Monday, June 27, 2011

Poor and Content


This picture couldn't have come at a more appropriate time in my little household. It has me thinking about a lot.

My husband or I are simple, frugal people. We didn't come from money, and we've never minded since we don't know what it's like to live otherwise. We openly admit we're broke and see no shame in being honest about it. We don't pretend to have money and live wealthy. While we joke it would be nice to have an extra thousand dollars to blow on whatever we wanted, neither of us put a lot of importance into material goods. We don't care about status or name-brands. Practically every piece of mismatched furniture in our house was given to us. We don't have modern, orderly decorations. We have the essentials, and that's about it.

I've been a stay-at-home mom since Little Olive was born, and we knew doing so would make things tight financially around the house. But we've been able to make ends meet on one income. While it would be awesome to put an addition on the upstairs and make another bedroom, or re-do the kitchen with brand new appliances, the choice to stay home has been invaluable.

My husband graduated this spring with his master's degree, and we are so happy he's out of school, applying for his dream jobs. However, this past week we realized his loans would start coming in this summer for repayment. We're currently holding our breath on a position he applied for. Because if he doesn't get it, I'm not quite sure where the money for the new bills will come from.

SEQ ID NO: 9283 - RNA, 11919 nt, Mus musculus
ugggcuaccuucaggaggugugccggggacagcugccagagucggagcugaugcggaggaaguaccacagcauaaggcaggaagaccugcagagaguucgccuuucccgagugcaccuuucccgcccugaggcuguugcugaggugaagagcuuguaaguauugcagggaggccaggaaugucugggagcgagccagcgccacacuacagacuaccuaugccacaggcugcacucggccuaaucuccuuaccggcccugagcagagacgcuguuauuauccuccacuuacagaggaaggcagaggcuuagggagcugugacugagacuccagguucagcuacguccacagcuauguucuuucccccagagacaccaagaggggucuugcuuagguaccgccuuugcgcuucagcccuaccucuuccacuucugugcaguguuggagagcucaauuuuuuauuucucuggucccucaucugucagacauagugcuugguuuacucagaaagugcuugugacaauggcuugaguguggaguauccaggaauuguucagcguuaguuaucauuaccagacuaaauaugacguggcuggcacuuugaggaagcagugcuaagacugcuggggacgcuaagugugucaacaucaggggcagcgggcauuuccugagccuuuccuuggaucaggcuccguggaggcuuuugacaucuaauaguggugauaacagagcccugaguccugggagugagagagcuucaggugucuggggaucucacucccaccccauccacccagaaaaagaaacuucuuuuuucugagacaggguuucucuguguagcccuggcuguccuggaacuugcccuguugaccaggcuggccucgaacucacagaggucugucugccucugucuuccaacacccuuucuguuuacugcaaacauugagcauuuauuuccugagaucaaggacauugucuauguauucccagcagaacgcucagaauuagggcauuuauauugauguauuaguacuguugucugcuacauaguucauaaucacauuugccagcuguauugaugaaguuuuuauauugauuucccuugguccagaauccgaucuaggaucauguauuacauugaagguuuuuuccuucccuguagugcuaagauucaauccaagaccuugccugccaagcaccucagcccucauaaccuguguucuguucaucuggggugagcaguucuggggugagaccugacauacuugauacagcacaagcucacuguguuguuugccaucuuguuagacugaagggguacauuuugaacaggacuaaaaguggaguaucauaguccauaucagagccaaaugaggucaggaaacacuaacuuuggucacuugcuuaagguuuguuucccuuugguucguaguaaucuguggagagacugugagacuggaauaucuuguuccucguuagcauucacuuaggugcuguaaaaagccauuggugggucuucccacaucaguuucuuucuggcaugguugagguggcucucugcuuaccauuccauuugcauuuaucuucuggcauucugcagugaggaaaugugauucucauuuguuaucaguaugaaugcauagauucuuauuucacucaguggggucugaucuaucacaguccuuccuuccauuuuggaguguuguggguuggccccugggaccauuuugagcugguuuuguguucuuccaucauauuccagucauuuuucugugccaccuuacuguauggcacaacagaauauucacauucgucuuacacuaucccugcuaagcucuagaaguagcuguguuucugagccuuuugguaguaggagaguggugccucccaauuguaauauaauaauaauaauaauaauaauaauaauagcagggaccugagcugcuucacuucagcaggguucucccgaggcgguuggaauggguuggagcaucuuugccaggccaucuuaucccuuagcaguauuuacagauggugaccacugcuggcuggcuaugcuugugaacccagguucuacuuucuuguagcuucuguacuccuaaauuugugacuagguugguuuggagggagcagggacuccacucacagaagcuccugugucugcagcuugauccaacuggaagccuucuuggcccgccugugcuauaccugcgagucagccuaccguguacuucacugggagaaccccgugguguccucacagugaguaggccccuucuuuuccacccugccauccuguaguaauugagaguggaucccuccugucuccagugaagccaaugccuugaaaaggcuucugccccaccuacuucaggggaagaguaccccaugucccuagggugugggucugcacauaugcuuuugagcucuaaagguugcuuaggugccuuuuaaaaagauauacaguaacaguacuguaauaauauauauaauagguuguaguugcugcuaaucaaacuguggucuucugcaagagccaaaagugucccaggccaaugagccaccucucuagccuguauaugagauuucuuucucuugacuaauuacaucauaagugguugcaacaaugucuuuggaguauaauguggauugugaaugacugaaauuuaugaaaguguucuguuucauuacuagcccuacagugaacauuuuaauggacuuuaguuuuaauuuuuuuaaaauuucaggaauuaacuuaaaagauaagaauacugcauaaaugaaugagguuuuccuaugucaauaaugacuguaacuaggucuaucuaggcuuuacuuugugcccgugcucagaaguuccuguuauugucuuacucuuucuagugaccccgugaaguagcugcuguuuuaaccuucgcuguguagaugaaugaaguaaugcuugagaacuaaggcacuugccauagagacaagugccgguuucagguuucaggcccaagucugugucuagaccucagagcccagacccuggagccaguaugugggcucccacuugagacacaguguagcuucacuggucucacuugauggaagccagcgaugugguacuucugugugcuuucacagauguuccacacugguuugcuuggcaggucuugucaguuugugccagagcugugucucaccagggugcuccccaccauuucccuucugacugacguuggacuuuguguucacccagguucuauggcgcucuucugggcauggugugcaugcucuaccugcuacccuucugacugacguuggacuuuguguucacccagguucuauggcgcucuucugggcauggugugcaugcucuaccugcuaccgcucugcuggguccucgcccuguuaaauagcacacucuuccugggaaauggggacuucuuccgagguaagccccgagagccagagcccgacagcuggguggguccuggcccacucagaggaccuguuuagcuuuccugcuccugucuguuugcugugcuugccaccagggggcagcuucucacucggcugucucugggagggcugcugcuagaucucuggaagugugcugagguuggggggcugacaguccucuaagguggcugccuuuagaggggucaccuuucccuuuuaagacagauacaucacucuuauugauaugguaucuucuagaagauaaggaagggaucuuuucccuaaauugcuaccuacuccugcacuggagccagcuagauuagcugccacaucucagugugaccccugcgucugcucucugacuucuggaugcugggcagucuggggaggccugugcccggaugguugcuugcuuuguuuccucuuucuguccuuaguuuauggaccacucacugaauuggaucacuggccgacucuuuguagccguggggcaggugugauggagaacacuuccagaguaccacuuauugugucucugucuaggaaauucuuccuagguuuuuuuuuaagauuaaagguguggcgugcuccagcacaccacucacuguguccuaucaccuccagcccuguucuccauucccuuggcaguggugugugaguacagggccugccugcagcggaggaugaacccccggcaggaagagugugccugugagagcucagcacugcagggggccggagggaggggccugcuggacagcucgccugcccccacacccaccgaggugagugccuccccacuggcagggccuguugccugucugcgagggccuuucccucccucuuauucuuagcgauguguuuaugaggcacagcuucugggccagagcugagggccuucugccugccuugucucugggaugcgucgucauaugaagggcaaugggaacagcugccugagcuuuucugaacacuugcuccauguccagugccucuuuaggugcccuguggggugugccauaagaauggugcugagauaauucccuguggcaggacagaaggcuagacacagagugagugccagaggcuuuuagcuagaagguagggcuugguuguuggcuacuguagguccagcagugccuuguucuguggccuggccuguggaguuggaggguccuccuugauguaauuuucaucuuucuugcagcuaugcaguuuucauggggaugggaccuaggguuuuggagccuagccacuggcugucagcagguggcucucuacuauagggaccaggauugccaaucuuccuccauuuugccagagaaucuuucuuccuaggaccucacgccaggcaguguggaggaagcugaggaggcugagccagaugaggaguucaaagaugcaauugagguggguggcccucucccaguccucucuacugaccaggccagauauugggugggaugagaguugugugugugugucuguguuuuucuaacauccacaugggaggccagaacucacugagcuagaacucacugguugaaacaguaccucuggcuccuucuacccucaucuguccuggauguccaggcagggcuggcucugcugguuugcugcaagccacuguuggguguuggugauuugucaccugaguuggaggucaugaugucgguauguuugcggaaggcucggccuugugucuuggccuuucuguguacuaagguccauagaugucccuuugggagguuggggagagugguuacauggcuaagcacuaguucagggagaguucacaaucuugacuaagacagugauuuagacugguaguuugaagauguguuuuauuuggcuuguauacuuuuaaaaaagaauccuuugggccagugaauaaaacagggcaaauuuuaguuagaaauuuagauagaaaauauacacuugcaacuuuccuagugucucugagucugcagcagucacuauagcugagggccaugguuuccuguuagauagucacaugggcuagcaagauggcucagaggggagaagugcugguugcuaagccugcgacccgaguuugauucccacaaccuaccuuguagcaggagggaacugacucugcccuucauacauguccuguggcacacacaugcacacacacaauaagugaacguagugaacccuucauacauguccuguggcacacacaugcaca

That's why I opened my Etsy Shop last week. I love to sew, and it's about time I take pride in my work and display it for others to purchase. We also did a massive sweep of our house, taking anything we don't want or will never use for a yard sale next week. I've also decided to sell a set of Spode Dishes on eBay. If you know of anyone in the business for vintage, antiques, or dishes, send them the link or send me their information. :)

When we were in London several years ago, my husband and I saw a quote in a country tavern that read,

"Poor and content is rich enough."

It has become one of our favorites, and it's a wonderful reminder for what really matters in life. 

Another one we love is an Irish saying,
"A full cabin is better than an empty castle."

And finally,

"There is no feast without good company."

I think the next few months will be hard, but I know we'll be able to do it. We might be living off peanut butter and jelly till it comes out of our ears, but thankfully Little Olive loves it. :)

If you have any tips for ways to live even more frugally, share below! We're always up for new suggestions. 

20 comments:

Jo said...

How honest and wonderful! Frugal is a lifestyle and I applaud your dedication to raising Olive by yourself! Not for everyone, but obviously for you it works, good on ya!
I have saved tons of money in the past, when it was NOT a choice, by learning the magic of pasta. For pennies a meal you can feed your family with healthy nutritious ingredients. Add small amounts of protein (ground meat or tofu) and easy cheap sauces. Experiment or ask anyone who loves to cook. We survived on pasta, I think, for about 3 years. Still love it, too!

i.ikeda said...

Those are some awesome quotes and I should hang them around here too. We're going through a tough spot too with me still working on the PhD and only teaching part-time and Masa having to support two households (one being in such an expensive place as S.F.!).